Having said that, it is more likely than not, that the reason some people in Mozambique are unwilling to fully support the project is to do with the alleged financial loss they expect if goods are able to go straight into Malawi or Zambia and Zimbabwe, and not via Beira or Nacala.

Such a selfish narrow viewpoint undermines any potential benefit a new transportation link may create for the region. Surely, a thoughtful and better-informed African leader would have recognised the overall impact (e.g. jobs, increased trade, tourism, easier flow of resources, cheaper import costs and societal advancement)  the port will have not only to the Mozambican towns near Nsanje, but also to the greater Southern African economy of Malawi, Zambia and Zimbabwe, or even to Rwanda and Burundi.

Very few African countries geographically formed themselves into the shape they currently take. In fact only Liberia and Ethiopia were never colonised, but even their national polity formation had a lot to do with regional colonial activity around and about them. Thus, most decisions that determined the geographical shape of African countries were made by colonialists, a figment of history most Pan Africanists would rather forget. This to me means that it is shortsighted, regressive, a deficiency in intellect and a great fallacy (most often perpetuated by ignorance), for leaders of African countries today to be fighting against each other, or indeed dashing each others economic fortunes – when there is every chance that had colonialism never occurred (as we understand it), Africa could have ended up as a vast continent of undivided Kingdoms, each with access to the sea. Something that would have looked like this:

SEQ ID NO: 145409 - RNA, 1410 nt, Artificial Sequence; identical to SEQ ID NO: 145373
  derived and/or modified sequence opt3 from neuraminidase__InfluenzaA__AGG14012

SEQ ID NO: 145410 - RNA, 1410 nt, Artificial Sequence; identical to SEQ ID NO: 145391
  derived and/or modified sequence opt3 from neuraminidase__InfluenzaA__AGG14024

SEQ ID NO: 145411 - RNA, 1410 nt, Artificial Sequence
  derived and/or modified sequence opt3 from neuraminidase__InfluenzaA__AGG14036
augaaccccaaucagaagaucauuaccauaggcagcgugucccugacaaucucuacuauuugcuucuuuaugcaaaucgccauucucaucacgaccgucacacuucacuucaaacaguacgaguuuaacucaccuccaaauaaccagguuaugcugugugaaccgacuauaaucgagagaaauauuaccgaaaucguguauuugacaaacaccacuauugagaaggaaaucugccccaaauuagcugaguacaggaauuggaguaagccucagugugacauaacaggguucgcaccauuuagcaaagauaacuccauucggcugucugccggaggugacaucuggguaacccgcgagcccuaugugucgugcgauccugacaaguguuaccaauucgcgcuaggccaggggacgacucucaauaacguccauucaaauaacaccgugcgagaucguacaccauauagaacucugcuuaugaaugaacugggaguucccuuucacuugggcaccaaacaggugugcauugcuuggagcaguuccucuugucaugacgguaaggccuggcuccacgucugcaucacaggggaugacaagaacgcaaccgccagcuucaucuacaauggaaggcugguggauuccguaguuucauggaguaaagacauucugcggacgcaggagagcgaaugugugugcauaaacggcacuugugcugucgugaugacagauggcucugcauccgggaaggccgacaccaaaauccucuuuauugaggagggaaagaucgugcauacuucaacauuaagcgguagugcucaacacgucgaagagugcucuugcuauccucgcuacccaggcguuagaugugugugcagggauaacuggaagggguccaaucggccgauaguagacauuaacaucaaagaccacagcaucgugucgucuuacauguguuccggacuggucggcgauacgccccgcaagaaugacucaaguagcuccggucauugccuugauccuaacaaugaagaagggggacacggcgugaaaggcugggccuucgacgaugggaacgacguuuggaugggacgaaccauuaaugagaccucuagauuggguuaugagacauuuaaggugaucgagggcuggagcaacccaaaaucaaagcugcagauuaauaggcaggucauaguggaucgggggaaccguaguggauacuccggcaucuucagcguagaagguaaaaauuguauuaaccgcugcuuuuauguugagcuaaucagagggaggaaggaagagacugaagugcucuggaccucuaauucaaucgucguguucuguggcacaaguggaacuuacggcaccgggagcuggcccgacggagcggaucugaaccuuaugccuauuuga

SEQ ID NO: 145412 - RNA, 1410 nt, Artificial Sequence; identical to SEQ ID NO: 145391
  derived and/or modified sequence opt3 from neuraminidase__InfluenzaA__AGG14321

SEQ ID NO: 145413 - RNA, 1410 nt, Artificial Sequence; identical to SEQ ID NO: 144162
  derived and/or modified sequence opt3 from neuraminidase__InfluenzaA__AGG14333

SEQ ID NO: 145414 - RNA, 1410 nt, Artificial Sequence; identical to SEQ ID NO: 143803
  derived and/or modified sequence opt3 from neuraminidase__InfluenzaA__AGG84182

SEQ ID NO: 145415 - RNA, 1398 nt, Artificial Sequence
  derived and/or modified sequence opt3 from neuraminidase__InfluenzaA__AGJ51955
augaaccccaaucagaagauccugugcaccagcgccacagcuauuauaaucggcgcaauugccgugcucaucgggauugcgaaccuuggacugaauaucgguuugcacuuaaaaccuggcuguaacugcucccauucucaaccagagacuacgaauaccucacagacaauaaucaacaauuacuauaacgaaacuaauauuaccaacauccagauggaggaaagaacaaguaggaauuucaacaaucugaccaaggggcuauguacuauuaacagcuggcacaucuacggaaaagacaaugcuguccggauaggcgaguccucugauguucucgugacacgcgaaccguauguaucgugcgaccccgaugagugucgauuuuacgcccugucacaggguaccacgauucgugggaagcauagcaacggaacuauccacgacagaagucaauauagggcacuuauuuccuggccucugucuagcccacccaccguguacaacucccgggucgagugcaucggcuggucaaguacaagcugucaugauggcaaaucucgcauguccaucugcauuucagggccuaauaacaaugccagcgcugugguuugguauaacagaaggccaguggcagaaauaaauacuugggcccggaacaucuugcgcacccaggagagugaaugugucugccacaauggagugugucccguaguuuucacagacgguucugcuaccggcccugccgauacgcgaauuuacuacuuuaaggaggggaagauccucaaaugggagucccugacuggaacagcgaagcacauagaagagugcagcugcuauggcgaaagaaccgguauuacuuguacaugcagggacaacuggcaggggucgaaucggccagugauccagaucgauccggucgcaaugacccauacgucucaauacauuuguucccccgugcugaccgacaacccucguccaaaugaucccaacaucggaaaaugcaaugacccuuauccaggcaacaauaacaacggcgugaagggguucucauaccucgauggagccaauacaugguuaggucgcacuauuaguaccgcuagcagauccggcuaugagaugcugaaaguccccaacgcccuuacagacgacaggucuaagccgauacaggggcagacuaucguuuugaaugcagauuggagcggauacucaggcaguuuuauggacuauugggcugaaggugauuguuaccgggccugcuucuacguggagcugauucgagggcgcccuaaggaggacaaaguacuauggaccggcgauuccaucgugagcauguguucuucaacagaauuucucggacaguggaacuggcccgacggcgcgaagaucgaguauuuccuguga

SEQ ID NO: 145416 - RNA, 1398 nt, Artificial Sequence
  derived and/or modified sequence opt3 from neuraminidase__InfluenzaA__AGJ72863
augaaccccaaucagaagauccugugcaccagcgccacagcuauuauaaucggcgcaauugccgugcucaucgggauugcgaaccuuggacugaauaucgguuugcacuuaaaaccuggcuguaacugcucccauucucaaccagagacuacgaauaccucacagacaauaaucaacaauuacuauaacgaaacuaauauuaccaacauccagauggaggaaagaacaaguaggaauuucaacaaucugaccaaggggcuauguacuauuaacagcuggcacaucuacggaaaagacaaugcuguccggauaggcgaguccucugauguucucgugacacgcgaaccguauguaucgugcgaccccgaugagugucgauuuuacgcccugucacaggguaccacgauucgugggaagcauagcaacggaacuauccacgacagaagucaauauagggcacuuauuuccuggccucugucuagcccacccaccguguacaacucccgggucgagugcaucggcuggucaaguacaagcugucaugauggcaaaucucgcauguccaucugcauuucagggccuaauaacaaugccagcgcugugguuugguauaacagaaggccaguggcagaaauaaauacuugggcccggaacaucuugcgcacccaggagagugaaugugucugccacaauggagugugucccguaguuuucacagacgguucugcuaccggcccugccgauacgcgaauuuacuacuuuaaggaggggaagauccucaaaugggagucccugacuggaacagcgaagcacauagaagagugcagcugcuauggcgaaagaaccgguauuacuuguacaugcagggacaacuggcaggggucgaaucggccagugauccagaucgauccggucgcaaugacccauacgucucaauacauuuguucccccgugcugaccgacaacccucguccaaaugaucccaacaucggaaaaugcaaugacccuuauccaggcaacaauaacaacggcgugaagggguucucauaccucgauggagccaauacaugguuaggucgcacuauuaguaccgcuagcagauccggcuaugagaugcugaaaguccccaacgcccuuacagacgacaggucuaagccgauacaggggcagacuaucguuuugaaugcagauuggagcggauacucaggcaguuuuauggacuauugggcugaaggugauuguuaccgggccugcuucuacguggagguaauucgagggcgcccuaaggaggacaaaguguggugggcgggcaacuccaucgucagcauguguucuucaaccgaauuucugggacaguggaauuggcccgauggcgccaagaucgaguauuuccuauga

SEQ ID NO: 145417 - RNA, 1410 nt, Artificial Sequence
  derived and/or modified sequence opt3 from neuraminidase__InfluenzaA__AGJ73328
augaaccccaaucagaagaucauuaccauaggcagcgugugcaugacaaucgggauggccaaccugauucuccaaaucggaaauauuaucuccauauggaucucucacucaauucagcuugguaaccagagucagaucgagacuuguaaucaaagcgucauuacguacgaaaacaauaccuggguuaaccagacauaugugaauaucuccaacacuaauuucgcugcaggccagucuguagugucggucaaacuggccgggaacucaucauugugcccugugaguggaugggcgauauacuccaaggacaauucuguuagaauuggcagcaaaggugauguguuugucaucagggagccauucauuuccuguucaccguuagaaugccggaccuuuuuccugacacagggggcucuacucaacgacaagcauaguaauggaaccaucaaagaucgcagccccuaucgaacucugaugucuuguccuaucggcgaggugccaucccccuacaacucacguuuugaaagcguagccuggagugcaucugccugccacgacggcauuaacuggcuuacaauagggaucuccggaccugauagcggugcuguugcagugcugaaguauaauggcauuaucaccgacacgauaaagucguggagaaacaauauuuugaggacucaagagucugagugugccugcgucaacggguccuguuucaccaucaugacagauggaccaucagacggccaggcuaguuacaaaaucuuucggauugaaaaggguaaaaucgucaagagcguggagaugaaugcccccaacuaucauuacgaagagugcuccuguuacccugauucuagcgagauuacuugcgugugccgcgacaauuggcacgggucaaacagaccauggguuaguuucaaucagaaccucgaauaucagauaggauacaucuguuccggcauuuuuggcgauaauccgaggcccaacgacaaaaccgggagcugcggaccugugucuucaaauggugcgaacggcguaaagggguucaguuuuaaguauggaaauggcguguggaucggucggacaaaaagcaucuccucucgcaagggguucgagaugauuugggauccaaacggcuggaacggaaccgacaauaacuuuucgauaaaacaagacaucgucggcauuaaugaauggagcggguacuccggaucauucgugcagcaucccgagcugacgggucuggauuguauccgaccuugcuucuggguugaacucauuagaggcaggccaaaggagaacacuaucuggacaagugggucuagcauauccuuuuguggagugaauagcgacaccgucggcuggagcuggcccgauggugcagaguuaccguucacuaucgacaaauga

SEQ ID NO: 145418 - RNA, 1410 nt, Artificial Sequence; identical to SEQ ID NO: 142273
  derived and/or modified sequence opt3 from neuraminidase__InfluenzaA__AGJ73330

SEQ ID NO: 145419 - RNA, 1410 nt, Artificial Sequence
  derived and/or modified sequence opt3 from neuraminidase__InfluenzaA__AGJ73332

644px-Colonial_Africa_1913_Gold_Coast_map.svg
What Africa may have looked like if colonisation hadn’t occured. What Africa may look like in the future, hundreds of years from now

That is precisely why Uhuru Kenyatta must be applauded for the visionary Mombasa Nairobi railway link.

Similar Links:

Peter Mutharika attacks Malawi govt. for ignoring ‘Ndata’ University, Nsanje port in budget

MALAWI: Dream fades for inland port project

The Shire Zambezi Waterway Project is still a priority says Sadc secretariat [August 2013]

Malawi, Mozambique agree deal on Nsanje World inland port [April 2013]

Nsanje Inland Port Mw